How to Store

Store our cress products in an air tight container (such as a Ziploc® or Tupperware®) with their roots still attached. Refrigerate your greens as soon as possible. Produce needs to be stored below 40 degrees Fahrenheit. Cress products should be kept in the crisper section.

How to Prepare

Remove the amount of leaves and stems from the root ball that is necessary for your recipe, rinse and pat dry. Return any unused cress with roots and all to your refrigerator and place in the crisper section.

Not sure how incorporate stems and all?

Three recipes that you can include watercress from stem to leaf:

  1. Live Gourmet Cressto Pesto Sauce 
  2. The Detox Specialist’s Tropical Watercress Detox Smoothie 
  3. Watercress soup any way 



How to Make Infused Body Oil with Live Gourmet Living Watercress


You’ve probably heard that our Living Watercress is the most nutrient-dense superfood, and a versatile ingredient to variety of culinary dishes from around the world. But what you may not know is that it’s also an excellent natural skin and hair remedy—it’s been known to even promote hair growth. If you need more convincing, read Leven Rose’s “10 Reasons Watercress Oil will Spice up your Beauty Routine.”

Watercress Infused OilThis week, we’re here to show how to make infused body oil with our Living Watercress (inspired by Grow Forage Cook Ferment and Herbal Academy of New England).

What You’ll Need

Live Gourmet Living Upland Cress or Grower Pete’s Living Watercress

A glass jar with a tight fitting lid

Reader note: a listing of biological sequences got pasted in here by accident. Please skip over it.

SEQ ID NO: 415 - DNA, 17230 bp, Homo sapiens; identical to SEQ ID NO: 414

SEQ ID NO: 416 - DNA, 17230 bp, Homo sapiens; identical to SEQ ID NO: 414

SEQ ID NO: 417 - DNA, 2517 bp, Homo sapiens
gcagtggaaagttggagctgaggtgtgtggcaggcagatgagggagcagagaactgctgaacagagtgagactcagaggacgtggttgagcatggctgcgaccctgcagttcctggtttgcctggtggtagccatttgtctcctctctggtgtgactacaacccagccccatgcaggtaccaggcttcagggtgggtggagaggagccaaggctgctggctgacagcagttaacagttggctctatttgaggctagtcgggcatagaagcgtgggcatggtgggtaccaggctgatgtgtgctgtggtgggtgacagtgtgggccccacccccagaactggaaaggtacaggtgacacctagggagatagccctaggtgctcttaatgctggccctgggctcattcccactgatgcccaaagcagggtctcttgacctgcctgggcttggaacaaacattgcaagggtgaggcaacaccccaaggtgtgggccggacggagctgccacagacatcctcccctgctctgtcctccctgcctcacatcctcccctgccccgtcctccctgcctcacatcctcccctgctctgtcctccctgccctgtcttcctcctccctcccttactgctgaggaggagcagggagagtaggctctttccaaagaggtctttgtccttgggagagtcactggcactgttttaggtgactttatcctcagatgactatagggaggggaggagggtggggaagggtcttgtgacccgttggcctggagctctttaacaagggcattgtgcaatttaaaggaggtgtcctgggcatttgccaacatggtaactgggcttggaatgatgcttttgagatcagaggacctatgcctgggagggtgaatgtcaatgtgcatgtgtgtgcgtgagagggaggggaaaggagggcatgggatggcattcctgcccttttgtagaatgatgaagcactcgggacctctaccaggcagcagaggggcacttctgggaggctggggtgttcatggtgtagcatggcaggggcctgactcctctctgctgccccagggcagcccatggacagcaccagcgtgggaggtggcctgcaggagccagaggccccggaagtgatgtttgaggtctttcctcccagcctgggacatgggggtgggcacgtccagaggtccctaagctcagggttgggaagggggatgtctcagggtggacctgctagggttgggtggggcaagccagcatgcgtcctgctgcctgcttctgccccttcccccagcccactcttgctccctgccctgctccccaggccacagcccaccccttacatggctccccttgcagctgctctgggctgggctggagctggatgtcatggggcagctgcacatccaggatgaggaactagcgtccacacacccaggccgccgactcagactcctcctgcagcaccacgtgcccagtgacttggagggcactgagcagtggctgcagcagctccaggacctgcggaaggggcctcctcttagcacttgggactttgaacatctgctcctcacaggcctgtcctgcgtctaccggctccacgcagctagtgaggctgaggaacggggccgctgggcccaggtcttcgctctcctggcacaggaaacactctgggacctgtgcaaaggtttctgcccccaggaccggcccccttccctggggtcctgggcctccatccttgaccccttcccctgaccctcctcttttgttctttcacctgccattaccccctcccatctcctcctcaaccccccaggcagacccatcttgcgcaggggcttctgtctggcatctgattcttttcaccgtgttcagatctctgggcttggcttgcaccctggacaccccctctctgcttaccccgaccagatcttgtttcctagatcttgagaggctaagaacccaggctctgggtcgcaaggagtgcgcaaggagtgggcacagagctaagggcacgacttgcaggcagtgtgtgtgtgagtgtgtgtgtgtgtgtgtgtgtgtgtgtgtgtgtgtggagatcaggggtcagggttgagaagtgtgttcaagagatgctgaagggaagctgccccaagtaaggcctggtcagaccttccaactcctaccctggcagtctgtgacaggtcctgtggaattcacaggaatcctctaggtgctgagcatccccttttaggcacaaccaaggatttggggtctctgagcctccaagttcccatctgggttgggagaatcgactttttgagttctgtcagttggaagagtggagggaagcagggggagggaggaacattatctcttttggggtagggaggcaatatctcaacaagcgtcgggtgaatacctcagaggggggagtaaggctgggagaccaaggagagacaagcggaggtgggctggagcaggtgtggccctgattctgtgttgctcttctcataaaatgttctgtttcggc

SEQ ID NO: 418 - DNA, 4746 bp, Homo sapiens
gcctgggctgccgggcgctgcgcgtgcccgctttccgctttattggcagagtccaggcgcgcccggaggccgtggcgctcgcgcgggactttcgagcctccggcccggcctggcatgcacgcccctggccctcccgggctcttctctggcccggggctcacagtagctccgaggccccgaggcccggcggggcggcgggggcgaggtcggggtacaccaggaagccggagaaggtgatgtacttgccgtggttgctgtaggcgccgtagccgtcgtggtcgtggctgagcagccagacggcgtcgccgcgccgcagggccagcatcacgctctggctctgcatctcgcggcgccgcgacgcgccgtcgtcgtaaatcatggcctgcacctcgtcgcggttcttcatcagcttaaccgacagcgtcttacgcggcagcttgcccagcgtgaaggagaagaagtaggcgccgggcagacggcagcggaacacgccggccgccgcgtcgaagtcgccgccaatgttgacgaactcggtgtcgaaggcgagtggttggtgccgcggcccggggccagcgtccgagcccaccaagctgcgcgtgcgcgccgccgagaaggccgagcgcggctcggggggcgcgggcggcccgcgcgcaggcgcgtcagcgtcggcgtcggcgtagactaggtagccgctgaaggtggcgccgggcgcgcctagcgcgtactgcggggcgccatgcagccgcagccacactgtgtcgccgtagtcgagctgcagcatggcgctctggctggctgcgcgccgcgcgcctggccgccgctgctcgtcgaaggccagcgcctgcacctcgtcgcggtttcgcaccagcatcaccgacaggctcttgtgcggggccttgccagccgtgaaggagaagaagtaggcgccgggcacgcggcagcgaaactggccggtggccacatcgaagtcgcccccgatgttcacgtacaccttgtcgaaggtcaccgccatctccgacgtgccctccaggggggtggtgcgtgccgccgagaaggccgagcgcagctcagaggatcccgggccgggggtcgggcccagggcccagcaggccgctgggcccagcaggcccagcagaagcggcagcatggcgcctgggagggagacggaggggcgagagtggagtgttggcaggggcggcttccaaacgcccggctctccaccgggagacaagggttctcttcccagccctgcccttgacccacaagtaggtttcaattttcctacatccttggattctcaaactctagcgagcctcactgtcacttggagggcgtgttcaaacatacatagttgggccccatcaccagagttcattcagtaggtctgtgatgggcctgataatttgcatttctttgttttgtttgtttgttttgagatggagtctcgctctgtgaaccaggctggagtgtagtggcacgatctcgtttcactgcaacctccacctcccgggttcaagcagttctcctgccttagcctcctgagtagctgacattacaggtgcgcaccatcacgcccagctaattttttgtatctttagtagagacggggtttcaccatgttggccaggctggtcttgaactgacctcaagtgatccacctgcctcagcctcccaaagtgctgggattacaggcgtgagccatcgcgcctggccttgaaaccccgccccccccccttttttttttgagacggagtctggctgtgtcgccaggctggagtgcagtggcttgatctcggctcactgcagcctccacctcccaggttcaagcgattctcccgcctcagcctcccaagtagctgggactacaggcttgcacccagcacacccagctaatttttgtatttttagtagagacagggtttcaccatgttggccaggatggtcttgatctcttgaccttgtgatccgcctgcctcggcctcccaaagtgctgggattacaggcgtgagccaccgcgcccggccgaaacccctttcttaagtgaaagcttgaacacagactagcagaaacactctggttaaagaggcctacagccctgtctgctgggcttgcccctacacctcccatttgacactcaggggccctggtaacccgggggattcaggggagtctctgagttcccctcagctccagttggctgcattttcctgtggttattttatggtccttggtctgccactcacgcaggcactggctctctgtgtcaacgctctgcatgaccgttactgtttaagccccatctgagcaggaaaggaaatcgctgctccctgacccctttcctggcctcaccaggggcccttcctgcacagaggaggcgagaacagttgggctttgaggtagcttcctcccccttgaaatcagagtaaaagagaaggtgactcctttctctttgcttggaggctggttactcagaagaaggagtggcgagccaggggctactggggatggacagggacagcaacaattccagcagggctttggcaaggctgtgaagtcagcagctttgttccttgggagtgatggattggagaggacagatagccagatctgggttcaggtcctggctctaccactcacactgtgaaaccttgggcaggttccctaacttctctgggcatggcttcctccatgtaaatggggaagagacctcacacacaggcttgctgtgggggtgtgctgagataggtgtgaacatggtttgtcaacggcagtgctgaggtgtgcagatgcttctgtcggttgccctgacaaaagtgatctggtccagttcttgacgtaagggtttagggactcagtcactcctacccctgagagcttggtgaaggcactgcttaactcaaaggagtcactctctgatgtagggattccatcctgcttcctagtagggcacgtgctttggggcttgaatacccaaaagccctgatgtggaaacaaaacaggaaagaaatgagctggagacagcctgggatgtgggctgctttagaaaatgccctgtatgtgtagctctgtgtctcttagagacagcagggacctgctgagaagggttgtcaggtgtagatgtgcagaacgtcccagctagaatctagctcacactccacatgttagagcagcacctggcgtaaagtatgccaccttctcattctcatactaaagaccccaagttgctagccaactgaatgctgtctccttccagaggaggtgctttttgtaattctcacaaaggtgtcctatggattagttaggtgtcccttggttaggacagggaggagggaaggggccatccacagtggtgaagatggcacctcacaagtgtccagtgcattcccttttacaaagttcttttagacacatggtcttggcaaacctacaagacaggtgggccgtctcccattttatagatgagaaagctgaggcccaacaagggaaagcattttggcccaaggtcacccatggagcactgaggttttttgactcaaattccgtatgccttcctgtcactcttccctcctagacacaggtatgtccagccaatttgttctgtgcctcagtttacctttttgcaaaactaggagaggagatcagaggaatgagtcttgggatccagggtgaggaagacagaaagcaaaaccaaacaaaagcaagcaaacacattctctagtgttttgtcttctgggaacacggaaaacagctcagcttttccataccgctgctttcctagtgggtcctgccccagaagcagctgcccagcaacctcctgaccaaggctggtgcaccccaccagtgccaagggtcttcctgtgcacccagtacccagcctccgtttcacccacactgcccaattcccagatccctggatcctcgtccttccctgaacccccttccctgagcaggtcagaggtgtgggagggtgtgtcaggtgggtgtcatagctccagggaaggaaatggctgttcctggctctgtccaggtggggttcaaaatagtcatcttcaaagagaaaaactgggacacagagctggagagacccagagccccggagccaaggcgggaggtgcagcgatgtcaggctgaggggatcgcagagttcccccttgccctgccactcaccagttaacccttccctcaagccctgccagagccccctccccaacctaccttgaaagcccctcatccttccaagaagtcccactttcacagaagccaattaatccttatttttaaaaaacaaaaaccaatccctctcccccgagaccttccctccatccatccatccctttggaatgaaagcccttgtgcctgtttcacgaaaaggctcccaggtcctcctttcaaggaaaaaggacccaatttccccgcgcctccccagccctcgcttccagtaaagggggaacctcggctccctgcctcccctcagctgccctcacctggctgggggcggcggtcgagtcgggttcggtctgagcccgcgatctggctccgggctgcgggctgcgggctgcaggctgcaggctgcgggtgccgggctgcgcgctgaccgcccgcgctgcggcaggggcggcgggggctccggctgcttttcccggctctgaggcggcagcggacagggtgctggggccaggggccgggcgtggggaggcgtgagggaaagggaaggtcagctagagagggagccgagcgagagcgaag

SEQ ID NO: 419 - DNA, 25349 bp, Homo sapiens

A mortar and pestle

A carrier oil (jojoba, olive, castor or apricot seed oils are great options)

Vitamin E oil, optional

Dark glass bottle with lid

Cheesecloth and strainer

Tip: Make sure your watercress is as dry as possible so that oil doesn’t become rancid during the infusion process. You can dry it out the old fashioned way—upside down in a well-ventilated space out of direct sunshine. But, if you’re short on time, you can put trimmed herbs in the microwave. For instructions, go to Serious Eats.


  1. Once your watercress is as dry as possible, grind the greens in a mortar and pestle.
  2. Add approximately one ounce of watercress to ten ounces of oil in a clean, dry jar. Stir the mixture to get rid of any air bubbles which could cause oxidation and screw on lid tightly.
  3. Place the jar in a warm, sunny spot for approximately 4-6 weeks, checking on it every few days.
  4. After 4-6 weeks, strain the mixture with a cheese cloth-lined strainer into a bowl to separate the plant parts from the infused watercress oil.
  5. Transfer the oil into a dark glass bottle, add a few drops of Vitamin E oil (it helps keep the infused oil fresh) and secure with the lid and store in a cool dry place.

Want instant infused oil gratification? Try the slow cooker method as described on Pioneer Settler

Live Gourmet Unveils Unconventional Ways to Use Living Watercress


Food52 reminds us that watercress is a versatile ingredient in many recipes. It’s a delightful addition to a variety of fare from Italian to Thai, but it can also be utilized in a number of other, albeit unconventional, ways.  

Did you know? British author Colin Spencer wrote that the Romans treated insanity with watercress and vinegar. And according to legend, the early Greek physician Hippocrates grew watercress to treat blood disorders. Today, it’s infused into veggie forward cocktails and is even an integral ingredient in some organic body products.